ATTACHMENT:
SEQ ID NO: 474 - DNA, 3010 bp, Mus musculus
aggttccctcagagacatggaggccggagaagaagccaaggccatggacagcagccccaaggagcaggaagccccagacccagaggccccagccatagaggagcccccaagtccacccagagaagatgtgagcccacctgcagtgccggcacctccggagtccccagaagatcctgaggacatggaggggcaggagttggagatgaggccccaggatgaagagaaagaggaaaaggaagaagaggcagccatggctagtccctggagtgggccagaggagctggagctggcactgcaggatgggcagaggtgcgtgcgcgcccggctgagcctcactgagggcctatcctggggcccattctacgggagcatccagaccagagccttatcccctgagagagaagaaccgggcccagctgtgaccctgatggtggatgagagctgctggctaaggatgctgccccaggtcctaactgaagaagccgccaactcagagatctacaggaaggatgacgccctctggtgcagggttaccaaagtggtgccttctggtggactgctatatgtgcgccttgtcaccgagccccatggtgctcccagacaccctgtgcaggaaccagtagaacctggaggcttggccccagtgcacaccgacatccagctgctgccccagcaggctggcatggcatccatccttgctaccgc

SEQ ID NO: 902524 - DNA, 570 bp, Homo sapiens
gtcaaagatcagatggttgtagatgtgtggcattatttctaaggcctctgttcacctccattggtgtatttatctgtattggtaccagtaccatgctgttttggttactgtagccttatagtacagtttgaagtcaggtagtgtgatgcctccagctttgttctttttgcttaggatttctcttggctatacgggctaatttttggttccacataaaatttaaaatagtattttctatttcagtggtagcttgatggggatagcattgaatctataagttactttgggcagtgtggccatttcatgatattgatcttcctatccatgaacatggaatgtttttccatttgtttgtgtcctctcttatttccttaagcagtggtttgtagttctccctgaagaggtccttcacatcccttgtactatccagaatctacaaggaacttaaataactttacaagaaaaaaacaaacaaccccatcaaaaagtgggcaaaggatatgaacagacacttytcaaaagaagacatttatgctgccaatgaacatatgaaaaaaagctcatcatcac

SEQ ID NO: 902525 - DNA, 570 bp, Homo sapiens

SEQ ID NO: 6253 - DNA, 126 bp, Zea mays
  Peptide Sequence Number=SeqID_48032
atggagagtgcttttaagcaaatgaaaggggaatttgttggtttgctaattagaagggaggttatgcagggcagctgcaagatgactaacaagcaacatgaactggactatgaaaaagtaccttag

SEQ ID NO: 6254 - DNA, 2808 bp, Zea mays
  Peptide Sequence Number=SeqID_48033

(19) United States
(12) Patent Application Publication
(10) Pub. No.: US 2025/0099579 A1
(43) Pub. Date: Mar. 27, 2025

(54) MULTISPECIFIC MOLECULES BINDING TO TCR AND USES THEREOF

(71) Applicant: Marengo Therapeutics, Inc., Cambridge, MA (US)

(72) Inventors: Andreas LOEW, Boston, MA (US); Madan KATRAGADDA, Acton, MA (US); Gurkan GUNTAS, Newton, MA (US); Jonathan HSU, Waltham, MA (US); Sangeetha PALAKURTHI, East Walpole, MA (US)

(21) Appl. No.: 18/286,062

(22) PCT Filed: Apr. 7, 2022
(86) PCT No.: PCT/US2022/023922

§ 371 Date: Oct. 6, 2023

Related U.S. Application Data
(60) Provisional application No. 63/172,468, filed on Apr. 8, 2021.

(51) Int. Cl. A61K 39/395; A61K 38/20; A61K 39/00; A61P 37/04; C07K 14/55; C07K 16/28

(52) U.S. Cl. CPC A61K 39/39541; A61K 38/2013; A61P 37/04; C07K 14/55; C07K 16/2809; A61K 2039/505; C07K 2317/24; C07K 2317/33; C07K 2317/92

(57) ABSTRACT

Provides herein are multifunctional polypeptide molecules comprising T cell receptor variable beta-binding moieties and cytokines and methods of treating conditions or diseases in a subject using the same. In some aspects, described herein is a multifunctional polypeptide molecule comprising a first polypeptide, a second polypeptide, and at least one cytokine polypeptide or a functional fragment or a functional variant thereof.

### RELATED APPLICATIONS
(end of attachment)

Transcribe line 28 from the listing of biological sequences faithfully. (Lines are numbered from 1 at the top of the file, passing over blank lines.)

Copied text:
### RELATED APPLICATIONS